It began with the Bretton Woods agreement of 1944. An Allied victory in World War II was in sight… but a nearly broke Great Britain had to bow to the inevitable, surrendering the pound’s role as the global reserve currency once and for all.
Even when Richard Nixon cut the dollar’s last tie to gold in 1971, the powers that be managed to retain that confidence for five more decades.
But 2022 marks a turning point.
“It was fully expected that the U.S. would impose sanctions on certain Russian industries, exports and its oligarchs,” Jim says. “It was not expected that the U.S. would seize and freeze the reserve assets held by the Central Bank of Russia.
“Now that that has happened, every central bank in the world is reevaluating its dollar-denominated reserves and asking itself if the U.S. will freeze those holdings in some future dispute.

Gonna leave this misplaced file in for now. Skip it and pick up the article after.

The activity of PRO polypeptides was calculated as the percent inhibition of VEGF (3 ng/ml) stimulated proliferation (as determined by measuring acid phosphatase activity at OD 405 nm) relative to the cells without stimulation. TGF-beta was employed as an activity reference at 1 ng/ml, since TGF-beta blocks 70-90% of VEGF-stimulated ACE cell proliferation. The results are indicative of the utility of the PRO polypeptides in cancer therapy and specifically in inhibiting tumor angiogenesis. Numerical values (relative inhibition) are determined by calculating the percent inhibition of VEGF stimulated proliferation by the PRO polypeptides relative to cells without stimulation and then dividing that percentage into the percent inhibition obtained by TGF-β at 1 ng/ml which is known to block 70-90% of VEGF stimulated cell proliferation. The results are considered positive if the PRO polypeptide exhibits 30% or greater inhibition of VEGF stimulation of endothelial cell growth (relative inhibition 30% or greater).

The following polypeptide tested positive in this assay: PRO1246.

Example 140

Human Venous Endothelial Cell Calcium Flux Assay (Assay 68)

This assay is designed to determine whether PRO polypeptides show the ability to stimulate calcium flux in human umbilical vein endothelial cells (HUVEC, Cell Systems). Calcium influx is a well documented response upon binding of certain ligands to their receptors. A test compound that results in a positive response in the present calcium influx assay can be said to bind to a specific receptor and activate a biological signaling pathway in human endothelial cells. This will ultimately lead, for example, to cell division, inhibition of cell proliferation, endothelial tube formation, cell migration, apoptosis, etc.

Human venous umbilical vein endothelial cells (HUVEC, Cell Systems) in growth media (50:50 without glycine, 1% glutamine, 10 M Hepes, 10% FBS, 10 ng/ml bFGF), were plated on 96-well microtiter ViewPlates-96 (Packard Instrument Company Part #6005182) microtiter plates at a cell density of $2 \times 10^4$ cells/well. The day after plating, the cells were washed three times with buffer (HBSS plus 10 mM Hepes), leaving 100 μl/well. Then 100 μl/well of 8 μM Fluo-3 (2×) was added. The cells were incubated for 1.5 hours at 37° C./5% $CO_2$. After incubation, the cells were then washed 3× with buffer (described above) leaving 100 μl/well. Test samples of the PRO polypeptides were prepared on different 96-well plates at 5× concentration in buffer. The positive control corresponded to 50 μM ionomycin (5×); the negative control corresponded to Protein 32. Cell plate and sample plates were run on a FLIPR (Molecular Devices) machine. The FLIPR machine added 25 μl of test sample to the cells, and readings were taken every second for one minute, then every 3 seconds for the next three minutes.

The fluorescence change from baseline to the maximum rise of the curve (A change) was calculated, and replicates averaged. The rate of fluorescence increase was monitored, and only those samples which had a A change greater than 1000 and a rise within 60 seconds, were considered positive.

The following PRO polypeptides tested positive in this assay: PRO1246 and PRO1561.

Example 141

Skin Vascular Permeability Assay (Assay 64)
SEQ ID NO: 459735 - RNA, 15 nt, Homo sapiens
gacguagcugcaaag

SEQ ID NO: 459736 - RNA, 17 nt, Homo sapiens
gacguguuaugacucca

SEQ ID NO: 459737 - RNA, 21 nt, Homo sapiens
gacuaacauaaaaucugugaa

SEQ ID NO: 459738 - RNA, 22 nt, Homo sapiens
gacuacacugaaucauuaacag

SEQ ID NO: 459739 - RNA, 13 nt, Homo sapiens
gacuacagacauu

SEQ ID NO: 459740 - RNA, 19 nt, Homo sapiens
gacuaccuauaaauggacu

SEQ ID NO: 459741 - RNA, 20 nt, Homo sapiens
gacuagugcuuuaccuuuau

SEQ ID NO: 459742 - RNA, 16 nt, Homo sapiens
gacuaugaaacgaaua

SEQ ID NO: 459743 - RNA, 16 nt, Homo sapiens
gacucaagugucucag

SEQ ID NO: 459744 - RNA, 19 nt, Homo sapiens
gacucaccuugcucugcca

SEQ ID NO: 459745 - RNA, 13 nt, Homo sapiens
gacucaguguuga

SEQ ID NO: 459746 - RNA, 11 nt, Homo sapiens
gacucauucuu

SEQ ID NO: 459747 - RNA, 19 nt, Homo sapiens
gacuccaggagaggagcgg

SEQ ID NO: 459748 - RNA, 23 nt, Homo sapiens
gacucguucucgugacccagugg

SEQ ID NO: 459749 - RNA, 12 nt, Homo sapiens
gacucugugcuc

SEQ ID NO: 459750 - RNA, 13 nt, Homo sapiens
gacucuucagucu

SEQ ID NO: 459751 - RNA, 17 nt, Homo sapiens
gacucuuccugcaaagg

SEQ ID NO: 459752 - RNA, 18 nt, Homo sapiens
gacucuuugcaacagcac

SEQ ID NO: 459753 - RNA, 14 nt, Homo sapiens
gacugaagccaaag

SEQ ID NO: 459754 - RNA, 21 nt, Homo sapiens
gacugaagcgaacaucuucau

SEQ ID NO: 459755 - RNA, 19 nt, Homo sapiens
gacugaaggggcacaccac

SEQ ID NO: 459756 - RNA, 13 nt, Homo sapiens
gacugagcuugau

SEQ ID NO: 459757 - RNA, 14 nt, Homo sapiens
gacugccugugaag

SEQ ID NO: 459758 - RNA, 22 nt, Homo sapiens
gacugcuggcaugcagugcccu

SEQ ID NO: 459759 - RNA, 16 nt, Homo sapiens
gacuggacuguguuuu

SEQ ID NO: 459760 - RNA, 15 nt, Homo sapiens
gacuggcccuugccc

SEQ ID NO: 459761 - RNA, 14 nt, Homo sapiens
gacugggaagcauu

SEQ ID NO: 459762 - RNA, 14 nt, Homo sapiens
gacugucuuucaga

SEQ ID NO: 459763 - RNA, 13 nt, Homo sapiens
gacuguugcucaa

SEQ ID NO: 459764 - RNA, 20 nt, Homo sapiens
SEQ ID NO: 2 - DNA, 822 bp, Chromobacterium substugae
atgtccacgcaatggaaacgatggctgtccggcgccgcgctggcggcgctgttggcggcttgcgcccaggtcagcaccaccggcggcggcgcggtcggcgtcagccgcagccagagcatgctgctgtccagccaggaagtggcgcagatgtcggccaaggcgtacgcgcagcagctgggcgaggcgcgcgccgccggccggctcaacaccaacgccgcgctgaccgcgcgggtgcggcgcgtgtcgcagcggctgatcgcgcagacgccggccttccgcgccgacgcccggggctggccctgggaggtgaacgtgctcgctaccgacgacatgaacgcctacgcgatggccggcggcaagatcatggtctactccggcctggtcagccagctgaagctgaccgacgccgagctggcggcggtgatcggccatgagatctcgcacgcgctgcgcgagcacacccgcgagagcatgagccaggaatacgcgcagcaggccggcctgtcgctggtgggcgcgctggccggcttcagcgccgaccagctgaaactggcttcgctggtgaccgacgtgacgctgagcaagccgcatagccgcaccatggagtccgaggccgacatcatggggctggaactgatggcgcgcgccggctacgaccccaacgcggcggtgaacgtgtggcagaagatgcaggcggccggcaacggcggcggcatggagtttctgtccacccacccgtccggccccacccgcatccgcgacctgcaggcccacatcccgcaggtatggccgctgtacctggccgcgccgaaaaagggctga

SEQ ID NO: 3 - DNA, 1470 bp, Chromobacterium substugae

“Ministers of finance are not waiting to find out. They’re acting preemptively to reduce dollar holdings.
“The problem with such reductions is that it’s not easy to find alternatives to the dollar.”
The Chinese yuan? No, sorry.
Much has been made of Saudi Arabia’s move to sell oil to China in exchange for yuan. It’s a blow to the dollar, for sure — but it’s not a sign of the yuan supplanting the dollar.
“If Saudi Arabia sells oil to China for yuan,” Jim explains, “this does not mean that Saudi Arabia will hold yuan assets in its reserves. It is more likely that Saudi Arabia will sell the yuan on foreign exchange markets for dollars, euros or sterling and then invest those currencies in reserve assets.
“Saudi Arabia might hold some yuan in bank accounts and use those to pay for exports from China including some manufactured goods, but those amounts will be relatively small compared with oil exports.